Melanie Ann Layer is a 33-year-old entrepreneur, founder and head of Alpha Femme, a luxury boutique coaching firm. Narcity Québec reports that in August, she made history in the Lower Laurentides with the purchase of a nearly $5 million mansion — a record sale for the Quebec subregion.
Layer spoke to Narcity Québec about her career journey, including a low point in which she had to sleep in her car.
How did Melanie Ann Layer start her career as a coach?
Layer described how, at age 25, she found herself without a job after breaking up with a boyfriend who had been a manager at the company she had been working for, Narcity writes. She relocated to Sherbrooke but initially failed to find success despite an aptitude for sales.
"I couldn't sell anymore. Everything I had always been able to do effortlessly, all of a sudden, there was nothing that worked at all," she said.
"I went from being the best salesperson in the whole company to not being able to sell a thing. Then my money started to [plummet]. I remember it was at a time with my family that it was really not going well. I was mad at everyone, I felt like everyone had contributed to the fact that it wasn't working out so well in my life."
She said she went broke as a result, eventually becoming unable to afford her accommodation.
"I'll never forget the first night I couldn't pay for my room in the motel I was staying at, and I had to sleep in my Civic," she told Narcity. "It was like the culmination of the worst time of my life."
How did Alpha Femme start?
Then a conversation with a friend put Layer on the coaching track.
"I have a friend who randomly called me to talk to me. She was struggling and what I had started to do for myself, I kind of introduced her to that." Others soon reached out for advice as well, Narcity writes.
Layer went on to start a scrappy coaching firm, charging $100 an hour. "I started my business and my name was 'the invisible coach.' It was really just word of mouth, that was the only way to find me."
In 2017, she took her business to social media. It exploded.
"I started a Facebook group and an Instagram page. Instead of being a life coach who was making maybe $100,000 to $200,000 a year, all of a sudden it started to grow. And what I was teaching was very cutting edge, the way I talk, the way I see things. It got a lot of attention."
Fast forward to 2021, and Alpha Femme is having its "best year ever," Layer told Narcity.
"What's special is that it started in 2017, and we made a million, before taxes, before all that. The other year we did $2.5 million, the other year we did $8.5 million and now we're up to $14 million in revenue."
What is Layer's advice for success?
But despite the success, insecurity can still haunt Layer. She said she has to remind herself that she deserves her success.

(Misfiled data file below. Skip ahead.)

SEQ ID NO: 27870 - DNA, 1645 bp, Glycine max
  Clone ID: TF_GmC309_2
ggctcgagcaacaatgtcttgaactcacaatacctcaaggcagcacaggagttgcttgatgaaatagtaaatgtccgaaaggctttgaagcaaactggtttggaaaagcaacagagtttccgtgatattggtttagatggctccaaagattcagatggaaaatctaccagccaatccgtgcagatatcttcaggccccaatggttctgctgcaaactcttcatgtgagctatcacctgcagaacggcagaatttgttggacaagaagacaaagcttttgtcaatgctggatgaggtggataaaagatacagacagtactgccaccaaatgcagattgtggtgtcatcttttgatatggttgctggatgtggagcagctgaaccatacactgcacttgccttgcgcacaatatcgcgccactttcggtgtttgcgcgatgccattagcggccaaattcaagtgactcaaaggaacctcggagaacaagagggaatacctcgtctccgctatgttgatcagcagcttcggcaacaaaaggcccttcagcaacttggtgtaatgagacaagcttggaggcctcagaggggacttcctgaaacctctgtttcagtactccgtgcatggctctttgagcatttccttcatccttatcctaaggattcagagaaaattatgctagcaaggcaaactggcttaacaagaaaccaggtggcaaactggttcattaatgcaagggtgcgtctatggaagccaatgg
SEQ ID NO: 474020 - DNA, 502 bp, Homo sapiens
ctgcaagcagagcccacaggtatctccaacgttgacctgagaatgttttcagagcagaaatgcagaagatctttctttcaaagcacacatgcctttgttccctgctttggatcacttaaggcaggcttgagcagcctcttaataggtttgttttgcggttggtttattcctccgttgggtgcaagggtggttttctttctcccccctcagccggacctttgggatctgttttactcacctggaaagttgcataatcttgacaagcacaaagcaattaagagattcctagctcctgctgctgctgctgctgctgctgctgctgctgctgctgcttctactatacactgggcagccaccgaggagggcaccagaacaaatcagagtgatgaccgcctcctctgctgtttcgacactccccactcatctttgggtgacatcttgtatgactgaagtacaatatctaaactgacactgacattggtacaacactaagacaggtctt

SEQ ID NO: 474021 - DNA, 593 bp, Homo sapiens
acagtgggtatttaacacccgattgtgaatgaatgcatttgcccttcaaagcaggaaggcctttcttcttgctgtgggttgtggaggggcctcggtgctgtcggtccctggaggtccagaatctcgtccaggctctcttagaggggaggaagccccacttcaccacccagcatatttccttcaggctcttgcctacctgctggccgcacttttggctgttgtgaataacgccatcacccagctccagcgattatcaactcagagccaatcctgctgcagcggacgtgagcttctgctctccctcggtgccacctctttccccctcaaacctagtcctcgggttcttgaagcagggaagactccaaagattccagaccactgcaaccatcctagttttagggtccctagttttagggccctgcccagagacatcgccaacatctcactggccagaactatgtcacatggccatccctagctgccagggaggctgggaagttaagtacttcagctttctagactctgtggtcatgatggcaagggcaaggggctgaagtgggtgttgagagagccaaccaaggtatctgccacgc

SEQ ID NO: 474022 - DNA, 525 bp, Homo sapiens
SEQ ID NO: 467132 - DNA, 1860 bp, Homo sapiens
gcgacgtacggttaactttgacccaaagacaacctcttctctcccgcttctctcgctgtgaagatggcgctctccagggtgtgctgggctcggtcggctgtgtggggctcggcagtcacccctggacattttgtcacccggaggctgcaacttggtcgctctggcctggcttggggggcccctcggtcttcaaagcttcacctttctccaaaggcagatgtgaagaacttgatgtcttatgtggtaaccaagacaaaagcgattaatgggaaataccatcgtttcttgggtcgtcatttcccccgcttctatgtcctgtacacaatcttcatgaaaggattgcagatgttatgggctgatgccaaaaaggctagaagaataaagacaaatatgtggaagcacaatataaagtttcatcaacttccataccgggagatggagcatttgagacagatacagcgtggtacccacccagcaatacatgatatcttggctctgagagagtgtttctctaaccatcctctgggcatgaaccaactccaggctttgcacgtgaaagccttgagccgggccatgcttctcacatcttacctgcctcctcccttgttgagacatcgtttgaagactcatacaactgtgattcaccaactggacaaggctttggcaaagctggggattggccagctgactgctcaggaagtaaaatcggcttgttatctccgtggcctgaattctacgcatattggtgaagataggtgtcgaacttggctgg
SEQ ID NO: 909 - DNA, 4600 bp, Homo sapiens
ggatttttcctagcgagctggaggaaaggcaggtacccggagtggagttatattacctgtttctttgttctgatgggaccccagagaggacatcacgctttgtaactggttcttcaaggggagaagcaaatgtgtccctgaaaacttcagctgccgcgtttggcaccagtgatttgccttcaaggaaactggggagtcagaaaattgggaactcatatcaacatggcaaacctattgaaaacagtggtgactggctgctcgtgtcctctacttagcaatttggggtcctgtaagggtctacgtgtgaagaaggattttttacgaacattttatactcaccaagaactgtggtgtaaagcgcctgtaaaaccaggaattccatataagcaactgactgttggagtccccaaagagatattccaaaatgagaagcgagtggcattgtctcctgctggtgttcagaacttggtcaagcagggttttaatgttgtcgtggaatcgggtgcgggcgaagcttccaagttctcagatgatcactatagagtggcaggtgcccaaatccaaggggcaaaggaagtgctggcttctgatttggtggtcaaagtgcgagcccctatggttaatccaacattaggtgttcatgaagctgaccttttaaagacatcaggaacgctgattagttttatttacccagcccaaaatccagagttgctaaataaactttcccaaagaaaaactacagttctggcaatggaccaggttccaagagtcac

"What's hard is to have a drastic life change in the middle of your life and really be okay with it and say you deserve to be here."
"I didn't have a normal trajectory. I'm 33 years old, and I've lived and created a lot in those 33 years. It's trying to ground myself in the right to live this life right now and have what I have, to feel deeply that it's right and that I deserve it. That, I think, is the hardest part."
Her advice to those who will listen: "Don't listen to anyone. Don't listen to anyone if you know inside you that it's right."
Narcity reports that Layer plans to move into her $5 million home in April 2022.
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The stars are aligning in Montreal. With the Canadiens taking to the rink at the Bell Centre to possibly oust the Las Vegas Knights for a spot in the Stanley Cup final — and on Saint-Jean-Baptiste no less — Montrealers might finally be in for a long-deserved celebration.
A police spokesperson told Narcity Québec that Montrealers can expect a greater police presence.
In fact, the SPVM's "operational planning" section has been preparing for June 24 for a while, Narcity learned.
"It's been several days that this section is working very hard to organize the police deployment not only for Saint-Jean-Baptiste but also for the decisive game of the Canadiens," media relations officer Manuel Couture said.
Police will be monitoring any potential large crowds — like those that gathered outside the Bell Centre on June 7and 18.
They'll pay particular attention to crowd developments that could produce excessive or illegal behaviour, like fights, vandalism or fireworks, according to Narcity.
"People have the right to celebrate and be happy. But if you have a joyful demonstration by 10,000 people downtown [...] the problem is that there could be fifty or a hundred people who take advantage of the crowd effect to break down businesses, attack police officers, fight each other," Couture said.